The survey was carried out early in the year before the season started. This meant that the backstage areas were relatively clear anyway but it was still necessary to get props and backdrops etc moved around backstage to allow scanning floor by floor. This was essential particularly in heaven where all the cloths and drapes were obscuring the timbers.
Despite the theatre not being open for performances, it is open to the public 7 days a week and, as we required colour photography to map to the point clouds, scanning in public areas was generally best carried out before 10.30am when the first tours start. Once tours start there is a continual stream of people through the auditorium as well as many groups carrying out ‘adhoc’ enactments of scenes from Shakespeare plays. Whilst this adds to the marvelous atmosphere within the globe, it is surprising how much the whole stage structure moves when a group start stamping and shouting on the stage. Scanning in hell (below stage) was also difficult as the headroom is less than 5 feet throughout and it was not the place to be when people were on stage.
All scanning was initially tied to OS grid. However, after consultation with the client they realized that for their purposes, the data was best presented on local grid with the stage straight in the x-axis, which did create the need at a late stage to move and rotate not only the models and drawings, but also all of the scan data.
Fig5. Sectional view through stage and auditorium
What were the deliverables?
Back in the office the data was processed in Faro Scene. Data was carefully checked and filtered to remove imperfections in the point clouds and then registered and put onto the correct grid system. All data was then colourised and both colour and intensity scans were imported directly into Pointools and combined and unified. The data was then trimmed and cleaned up. As the data was captured at a high resolution, it was filtered on import to give a 6mm spacing on all surfaces for each scan. Scans were then combined for each area and re-filtered and combined at a uniform 6mm spacing throughout. The cloud data was finally presented to the client at 6,8 and 10mm spacing along with copies of Pointools for them to create their own images and interpolate the data.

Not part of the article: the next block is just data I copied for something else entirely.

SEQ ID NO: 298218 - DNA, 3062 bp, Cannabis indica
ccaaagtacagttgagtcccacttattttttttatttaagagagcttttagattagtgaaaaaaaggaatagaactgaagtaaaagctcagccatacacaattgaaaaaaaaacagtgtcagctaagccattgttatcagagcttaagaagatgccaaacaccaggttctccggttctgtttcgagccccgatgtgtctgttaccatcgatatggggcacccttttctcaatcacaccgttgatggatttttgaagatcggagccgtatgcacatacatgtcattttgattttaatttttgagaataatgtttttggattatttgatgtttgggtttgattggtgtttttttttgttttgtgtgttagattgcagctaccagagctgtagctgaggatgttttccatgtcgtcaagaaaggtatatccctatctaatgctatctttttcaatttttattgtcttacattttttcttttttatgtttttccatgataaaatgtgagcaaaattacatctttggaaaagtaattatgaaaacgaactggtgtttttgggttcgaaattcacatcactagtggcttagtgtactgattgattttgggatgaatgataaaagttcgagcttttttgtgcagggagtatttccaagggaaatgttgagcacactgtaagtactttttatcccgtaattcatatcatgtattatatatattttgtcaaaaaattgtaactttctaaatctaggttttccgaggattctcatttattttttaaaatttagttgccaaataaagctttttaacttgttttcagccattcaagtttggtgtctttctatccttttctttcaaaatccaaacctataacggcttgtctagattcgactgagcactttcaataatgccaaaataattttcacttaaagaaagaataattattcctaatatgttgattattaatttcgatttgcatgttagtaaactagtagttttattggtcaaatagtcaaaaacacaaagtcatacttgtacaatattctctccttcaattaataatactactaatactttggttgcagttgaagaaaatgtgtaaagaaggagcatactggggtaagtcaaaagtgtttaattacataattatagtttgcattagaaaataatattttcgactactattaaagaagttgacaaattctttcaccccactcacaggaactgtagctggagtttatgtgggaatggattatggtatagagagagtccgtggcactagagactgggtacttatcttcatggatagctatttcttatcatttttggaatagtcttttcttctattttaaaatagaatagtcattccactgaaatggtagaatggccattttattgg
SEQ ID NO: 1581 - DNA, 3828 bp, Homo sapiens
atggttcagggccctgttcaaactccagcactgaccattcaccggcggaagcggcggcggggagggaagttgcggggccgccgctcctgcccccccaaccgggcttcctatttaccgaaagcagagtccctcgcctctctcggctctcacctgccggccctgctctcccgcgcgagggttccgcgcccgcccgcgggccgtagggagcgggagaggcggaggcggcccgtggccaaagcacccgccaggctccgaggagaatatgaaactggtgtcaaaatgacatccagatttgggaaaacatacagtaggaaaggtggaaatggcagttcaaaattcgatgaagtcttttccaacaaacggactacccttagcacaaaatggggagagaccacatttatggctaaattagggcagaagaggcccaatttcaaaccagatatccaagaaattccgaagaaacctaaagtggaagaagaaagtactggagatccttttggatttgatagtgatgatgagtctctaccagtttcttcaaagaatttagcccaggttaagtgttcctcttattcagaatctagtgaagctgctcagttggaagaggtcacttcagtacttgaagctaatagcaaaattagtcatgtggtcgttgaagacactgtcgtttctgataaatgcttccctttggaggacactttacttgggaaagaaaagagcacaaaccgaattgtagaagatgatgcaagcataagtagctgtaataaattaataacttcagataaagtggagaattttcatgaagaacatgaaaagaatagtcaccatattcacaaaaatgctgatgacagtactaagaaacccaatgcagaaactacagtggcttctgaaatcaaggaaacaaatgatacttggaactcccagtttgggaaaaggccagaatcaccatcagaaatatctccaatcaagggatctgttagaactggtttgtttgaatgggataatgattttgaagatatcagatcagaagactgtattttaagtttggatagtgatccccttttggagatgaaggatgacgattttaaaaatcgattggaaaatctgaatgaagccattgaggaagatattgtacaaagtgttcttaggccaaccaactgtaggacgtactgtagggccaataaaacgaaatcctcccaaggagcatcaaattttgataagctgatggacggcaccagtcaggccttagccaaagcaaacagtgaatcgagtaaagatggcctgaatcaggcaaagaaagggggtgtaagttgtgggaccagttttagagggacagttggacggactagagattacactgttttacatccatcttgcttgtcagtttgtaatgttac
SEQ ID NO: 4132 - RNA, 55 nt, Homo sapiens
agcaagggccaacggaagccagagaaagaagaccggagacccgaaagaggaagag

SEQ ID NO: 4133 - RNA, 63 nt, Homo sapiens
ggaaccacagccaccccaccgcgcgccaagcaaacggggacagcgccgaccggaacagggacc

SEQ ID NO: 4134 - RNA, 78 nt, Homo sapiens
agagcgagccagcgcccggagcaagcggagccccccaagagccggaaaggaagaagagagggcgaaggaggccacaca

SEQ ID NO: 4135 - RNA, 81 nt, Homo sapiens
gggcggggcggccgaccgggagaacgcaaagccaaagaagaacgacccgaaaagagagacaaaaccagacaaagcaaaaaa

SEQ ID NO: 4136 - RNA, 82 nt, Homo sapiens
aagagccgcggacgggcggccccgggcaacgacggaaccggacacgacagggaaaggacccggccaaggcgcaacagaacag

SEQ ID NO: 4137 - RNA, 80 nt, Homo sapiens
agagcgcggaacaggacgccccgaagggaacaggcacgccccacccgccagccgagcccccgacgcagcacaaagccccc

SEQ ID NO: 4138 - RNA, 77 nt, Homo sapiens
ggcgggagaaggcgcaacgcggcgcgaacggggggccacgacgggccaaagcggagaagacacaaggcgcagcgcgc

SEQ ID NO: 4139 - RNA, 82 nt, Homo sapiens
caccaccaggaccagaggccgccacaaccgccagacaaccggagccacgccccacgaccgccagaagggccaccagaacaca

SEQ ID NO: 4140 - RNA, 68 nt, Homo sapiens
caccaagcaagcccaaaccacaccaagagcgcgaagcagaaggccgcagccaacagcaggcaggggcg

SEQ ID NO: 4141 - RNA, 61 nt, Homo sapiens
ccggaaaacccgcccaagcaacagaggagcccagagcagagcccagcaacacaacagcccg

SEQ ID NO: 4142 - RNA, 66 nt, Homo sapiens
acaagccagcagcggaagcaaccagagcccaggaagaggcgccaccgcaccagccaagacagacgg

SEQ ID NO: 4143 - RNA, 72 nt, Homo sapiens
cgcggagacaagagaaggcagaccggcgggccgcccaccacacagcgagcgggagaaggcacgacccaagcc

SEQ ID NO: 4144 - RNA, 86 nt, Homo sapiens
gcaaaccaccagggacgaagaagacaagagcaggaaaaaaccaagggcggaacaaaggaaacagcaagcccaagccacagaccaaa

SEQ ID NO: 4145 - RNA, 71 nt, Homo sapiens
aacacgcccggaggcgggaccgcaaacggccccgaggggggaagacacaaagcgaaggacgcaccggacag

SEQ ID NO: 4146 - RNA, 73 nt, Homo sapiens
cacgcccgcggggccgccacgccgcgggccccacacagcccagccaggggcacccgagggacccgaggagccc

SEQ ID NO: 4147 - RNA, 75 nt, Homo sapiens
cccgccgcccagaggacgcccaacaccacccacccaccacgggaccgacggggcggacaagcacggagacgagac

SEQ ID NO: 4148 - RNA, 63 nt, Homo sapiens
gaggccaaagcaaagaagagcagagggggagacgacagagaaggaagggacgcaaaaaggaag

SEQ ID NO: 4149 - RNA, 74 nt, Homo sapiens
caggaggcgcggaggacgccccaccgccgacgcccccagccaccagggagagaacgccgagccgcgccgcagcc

Each area was accurately modeled from the scan data to create a model of the whole theatre. As with the scan data, this was broken down into areas for easier handling, 4 stage levels, 3 auditorium levels, roof and outside.
Fig6 View of modeled timber roof in ‘Heaven’
When completed, the client also requested a series of 2d plans and sections. These were automatically extracted from the 3d model, and trimmed and tidied up into finished drawings.
Fig7 Model of Stage
Laser Scanning was ideal for capturing this amazing timber structure and the data was ideal for using to model accurately the complex layout the building. The data has allowed the theatre to have detailed information for their unique set designs not just in the more common 2d way but in 3d as well.
Special thanks are given to Wills at Shakespeare’s Globe for his help and assistance with the survey.